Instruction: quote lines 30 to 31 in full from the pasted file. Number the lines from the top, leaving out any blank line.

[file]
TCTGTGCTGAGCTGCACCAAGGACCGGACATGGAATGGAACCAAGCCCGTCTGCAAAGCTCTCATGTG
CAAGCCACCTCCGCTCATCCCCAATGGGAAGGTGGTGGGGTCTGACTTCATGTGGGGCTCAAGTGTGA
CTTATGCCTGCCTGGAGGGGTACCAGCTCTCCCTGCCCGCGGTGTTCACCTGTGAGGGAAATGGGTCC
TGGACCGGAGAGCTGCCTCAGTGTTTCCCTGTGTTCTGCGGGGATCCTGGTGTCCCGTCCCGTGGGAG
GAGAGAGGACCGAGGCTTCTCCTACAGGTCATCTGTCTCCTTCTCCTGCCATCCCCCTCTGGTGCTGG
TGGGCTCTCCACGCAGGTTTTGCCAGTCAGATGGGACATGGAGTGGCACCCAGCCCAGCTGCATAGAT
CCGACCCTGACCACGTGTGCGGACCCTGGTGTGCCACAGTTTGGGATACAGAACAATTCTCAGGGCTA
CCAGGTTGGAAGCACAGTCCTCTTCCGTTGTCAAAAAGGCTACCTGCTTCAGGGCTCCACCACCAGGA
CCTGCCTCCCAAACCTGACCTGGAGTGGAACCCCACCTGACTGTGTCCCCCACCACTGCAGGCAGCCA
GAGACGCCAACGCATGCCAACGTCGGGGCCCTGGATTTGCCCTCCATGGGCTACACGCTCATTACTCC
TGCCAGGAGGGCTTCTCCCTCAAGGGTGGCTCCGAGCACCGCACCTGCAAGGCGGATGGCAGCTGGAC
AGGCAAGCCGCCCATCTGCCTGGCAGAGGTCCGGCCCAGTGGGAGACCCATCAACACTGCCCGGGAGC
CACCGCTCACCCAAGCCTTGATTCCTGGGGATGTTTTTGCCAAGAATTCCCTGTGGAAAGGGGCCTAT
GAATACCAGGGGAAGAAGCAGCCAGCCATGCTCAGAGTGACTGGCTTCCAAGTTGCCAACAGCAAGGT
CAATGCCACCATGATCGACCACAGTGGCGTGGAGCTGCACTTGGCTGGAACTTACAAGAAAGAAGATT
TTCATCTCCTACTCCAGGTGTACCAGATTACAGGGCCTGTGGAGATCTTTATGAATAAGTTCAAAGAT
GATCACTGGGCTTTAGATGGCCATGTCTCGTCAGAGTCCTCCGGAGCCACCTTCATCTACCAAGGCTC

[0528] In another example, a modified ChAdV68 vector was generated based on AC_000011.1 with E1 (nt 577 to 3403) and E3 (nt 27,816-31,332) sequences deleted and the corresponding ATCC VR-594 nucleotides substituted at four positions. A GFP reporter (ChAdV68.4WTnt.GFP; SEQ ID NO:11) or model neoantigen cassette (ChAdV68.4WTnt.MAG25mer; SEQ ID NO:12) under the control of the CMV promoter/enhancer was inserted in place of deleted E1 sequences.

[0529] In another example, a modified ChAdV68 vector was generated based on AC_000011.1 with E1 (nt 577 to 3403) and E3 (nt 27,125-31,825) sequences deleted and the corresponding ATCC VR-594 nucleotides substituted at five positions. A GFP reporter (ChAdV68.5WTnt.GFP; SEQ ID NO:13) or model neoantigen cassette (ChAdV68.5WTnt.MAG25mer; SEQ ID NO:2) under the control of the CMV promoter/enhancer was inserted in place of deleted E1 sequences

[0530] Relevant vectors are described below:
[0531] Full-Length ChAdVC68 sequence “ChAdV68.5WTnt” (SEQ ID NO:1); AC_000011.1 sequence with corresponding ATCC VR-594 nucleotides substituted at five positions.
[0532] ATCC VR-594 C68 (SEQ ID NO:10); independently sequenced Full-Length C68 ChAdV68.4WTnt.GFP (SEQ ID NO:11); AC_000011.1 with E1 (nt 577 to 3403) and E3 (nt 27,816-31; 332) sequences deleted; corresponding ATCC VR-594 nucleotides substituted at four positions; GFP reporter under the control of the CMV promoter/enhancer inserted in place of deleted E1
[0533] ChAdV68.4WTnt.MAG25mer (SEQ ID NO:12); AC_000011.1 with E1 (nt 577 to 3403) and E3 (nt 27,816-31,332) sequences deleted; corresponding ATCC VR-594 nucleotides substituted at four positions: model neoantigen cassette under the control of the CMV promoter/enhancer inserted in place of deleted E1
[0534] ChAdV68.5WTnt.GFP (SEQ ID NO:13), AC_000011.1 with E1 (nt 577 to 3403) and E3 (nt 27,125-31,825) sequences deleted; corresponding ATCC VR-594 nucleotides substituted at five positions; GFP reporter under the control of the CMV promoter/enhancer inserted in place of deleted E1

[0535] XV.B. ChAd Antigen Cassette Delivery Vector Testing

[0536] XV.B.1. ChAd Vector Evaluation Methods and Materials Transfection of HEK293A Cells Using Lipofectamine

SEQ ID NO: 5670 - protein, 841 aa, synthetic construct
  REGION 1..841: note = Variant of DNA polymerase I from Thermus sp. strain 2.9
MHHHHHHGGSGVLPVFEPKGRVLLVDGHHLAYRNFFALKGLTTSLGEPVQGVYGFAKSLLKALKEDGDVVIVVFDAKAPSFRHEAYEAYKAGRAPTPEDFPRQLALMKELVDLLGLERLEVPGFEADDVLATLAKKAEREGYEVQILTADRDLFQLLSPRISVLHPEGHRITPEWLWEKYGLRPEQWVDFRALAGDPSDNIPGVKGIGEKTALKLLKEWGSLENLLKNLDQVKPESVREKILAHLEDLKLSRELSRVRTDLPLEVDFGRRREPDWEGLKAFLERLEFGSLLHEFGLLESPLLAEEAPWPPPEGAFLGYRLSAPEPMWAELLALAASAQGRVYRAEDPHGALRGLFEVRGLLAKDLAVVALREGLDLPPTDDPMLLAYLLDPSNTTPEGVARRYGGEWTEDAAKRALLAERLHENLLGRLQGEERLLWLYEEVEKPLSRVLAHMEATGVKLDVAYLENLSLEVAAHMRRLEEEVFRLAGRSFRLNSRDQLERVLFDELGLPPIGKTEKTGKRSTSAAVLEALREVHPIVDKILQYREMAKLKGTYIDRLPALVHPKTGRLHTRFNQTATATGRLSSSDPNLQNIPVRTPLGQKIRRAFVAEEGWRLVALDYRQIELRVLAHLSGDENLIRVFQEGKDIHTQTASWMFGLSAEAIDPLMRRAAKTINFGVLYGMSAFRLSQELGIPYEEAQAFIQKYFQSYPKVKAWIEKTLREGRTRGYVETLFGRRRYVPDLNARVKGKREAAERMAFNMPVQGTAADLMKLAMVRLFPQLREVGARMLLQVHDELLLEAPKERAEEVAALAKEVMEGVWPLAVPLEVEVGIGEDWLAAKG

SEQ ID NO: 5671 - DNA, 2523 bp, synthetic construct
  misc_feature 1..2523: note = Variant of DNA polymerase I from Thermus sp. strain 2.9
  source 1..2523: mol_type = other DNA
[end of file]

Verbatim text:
SEQ ID NO: 5671 - DNA, 2523 bp, synthetic construct
  misc_feature 1..2523: note = Variant of DNA polymerase I from Thermus sp. strain 2.9